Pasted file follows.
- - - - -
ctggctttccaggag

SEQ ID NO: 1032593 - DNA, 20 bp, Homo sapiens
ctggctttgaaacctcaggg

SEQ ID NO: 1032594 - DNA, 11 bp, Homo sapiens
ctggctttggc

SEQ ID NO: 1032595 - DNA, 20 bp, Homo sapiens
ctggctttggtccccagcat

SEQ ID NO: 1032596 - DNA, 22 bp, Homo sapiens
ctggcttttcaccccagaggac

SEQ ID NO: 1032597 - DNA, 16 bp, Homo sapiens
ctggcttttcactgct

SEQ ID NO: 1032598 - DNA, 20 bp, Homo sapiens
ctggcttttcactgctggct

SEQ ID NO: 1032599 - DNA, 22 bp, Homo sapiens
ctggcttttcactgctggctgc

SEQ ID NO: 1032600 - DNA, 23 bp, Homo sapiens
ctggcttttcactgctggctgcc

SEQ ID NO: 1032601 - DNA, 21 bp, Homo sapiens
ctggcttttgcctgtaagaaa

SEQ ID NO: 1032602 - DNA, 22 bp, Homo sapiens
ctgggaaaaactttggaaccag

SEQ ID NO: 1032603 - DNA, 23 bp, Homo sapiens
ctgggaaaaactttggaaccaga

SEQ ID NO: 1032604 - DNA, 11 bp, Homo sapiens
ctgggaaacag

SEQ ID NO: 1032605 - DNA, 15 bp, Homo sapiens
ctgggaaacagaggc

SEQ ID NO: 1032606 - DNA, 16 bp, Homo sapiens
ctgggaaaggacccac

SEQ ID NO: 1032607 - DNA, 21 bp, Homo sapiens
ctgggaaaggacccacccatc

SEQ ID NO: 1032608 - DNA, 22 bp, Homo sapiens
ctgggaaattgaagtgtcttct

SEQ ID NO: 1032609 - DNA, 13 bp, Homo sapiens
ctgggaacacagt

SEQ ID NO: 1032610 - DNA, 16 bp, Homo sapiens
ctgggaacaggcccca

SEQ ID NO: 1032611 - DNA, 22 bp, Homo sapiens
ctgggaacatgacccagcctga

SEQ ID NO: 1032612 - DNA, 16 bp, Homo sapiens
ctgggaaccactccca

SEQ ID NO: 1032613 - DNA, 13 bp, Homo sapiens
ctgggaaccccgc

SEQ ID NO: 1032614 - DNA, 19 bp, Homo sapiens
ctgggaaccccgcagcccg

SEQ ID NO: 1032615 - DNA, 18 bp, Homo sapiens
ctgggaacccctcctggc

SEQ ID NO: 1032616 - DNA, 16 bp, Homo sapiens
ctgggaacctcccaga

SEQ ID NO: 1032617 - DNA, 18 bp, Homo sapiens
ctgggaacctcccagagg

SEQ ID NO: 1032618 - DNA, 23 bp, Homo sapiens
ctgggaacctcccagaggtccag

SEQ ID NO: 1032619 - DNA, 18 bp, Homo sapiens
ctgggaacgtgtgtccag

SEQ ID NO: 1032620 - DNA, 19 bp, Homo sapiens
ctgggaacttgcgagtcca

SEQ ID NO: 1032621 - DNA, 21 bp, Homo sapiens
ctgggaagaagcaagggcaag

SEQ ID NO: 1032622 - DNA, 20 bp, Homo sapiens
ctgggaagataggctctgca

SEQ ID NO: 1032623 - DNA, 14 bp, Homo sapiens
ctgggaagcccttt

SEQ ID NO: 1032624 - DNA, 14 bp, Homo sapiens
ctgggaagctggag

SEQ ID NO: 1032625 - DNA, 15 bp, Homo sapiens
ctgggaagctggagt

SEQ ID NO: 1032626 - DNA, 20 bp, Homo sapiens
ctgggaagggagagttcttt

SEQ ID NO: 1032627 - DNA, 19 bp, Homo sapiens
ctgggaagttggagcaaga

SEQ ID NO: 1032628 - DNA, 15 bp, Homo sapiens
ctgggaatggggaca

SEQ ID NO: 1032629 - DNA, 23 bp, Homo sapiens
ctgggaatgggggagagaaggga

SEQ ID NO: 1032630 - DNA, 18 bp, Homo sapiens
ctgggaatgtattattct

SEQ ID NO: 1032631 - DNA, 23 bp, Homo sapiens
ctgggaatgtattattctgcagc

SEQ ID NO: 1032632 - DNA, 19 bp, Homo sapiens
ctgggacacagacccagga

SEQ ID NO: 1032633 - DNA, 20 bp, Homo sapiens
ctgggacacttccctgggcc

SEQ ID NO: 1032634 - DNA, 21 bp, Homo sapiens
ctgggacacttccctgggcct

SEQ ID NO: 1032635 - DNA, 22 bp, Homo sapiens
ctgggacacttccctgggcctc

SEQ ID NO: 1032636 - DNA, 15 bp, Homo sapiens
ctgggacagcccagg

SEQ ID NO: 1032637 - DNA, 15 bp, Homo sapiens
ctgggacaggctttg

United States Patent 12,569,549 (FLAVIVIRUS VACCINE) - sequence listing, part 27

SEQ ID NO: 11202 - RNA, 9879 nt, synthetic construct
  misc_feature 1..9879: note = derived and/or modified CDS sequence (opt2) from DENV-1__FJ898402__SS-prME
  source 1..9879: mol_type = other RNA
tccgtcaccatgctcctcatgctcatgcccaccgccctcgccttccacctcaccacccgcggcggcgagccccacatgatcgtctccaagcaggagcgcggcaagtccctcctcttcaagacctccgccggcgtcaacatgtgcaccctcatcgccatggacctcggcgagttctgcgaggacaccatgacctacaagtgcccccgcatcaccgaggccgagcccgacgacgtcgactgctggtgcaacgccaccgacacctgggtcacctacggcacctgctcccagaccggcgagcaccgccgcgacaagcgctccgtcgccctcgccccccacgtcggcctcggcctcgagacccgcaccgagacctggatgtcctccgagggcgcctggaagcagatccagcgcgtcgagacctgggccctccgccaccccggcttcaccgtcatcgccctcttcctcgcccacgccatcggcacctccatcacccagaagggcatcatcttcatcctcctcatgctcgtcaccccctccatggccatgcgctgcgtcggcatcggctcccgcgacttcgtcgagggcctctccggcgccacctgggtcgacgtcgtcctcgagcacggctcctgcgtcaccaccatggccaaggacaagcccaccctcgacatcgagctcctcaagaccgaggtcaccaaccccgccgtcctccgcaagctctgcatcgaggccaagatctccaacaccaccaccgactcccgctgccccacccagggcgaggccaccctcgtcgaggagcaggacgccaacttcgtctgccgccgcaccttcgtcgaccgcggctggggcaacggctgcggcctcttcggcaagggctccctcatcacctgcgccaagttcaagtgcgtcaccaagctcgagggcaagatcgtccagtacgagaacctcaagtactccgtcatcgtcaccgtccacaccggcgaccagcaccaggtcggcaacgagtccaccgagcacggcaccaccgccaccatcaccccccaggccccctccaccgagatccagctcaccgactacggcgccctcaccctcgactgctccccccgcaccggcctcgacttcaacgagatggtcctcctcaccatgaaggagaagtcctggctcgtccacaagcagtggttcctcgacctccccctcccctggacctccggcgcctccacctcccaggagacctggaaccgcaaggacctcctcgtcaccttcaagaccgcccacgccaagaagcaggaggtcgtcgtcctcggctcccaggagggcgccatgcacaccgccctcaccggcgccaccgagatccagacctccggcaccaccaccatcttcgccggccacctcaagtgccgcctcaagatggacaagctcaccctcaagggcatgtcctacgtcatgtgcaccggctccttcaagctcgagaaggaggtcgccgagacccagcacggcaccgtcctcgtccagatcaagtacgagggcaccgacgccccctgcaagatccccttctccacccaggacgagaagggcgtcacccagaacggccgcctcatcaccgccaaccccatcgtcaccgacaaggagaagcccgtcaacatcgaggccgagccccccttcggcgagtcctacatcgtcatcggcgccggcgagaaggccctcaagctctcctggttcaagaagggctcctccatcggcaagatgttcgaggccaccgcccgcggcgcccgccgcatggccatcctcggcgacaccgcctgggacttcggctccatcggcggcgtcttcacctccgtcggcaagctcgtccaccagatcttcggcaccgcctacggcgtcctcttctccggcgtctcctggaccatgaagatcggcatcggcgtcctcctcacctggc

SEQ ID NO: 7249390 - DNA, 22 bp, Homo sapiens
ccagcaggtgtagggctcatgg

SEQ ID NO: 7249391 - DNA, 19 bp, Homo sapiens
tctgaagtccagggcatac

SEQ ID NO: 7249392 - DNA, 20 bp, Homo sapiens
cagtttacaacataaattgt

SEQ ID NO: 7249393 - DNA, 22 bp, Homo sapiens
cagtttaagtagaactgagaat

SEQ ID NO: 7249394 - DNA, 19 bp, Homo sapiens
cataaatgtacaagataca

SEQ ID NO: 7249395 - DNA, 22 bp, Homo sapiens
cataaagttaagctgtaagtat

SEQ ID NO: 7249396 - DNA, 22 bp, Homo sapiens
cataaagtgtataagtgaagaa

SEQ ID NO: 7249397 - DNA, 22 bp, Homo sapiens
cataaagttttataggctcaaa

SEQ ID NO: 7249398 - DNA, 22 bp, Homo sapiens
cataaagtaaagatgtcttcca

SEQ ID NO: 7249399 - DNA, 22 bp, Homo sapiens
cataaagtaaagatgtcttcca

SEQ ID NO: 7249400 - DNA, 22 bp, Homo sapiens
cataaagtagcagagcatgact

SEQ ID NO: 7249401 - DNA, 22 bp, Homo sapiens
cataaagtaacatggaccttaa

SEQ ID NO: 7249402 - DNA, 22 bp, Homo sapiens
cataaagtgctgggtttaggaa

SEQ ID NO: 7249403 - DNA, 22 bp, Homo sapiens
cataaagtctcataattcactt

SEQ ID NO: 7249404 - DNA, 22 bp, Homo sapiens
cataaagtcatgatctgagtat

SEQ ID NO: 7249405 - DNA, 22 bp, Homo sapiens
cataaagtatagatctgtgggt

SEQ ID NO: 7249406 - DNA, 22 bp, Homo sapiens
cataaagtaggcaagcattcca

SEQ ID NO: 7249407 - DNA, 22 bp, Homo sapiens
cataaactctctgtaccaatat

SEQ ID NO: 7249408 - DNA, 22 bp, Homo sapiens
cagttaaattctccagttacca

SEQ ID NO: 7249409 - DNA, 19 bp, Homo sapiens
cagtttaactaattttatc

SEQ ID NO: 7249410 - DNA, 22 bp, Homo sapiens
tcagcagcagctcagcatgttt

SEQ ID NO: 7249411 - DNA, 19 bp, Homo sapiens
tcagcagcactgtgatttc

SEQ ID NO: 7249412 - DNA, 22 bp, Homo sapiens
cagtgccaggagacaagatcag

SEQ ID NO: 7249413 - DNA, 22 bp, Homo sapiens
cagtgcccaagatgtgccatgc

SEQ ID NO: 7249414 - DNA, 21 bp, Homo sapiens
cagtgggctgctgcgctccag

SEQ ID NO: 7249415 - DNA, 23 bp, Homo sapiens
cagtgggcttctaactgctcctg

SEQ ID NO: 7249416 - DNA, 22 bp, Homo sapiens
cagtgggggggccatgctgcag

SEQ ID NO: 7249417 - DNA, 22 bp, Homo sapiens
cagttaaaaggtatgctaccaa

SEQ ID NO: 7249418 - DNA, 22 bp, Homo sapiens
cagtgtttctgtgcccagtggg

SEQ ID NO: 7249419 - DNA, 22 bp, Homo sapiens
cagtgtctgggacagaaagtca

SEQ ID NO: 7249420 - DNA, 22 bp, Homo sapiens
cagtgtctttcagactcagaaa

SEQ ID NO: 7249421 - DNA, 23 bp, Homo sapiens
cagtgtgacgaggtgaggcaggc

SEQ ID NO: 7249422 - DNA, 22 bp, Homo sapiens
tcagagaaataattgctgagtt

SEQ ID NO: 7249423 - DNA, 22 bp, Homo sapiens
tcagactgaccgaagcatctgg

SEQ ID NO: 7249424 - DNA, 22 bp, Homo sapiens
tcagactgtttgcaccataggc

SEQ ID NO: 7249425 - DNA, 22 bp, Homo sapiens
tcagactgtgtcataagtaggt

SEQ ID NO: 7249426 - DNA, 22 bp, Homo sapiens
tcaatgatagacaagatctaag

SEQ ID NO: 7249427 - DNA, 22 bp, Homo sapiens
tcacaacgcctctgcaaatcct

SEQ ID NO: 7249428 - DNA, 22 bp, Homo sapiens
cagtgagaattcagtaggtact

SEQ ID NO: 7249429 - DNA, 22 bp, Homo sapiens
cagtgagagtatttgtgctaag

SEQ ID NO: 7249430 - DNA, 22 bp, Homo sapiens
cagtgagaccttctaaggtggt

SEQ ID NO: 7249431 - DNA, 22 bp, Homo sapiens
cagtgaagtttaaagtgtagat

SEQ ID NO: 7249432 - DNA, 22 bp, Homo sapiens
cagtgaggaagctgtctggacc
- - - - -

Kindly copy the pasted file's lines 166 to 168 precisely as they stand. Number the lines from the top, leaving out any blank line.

tcagactgtttgcaccataggc

SEQ ID NO: 7249425 - DNA, 22 bp, Homo sapiens
tcagactgtgtcataagtaggt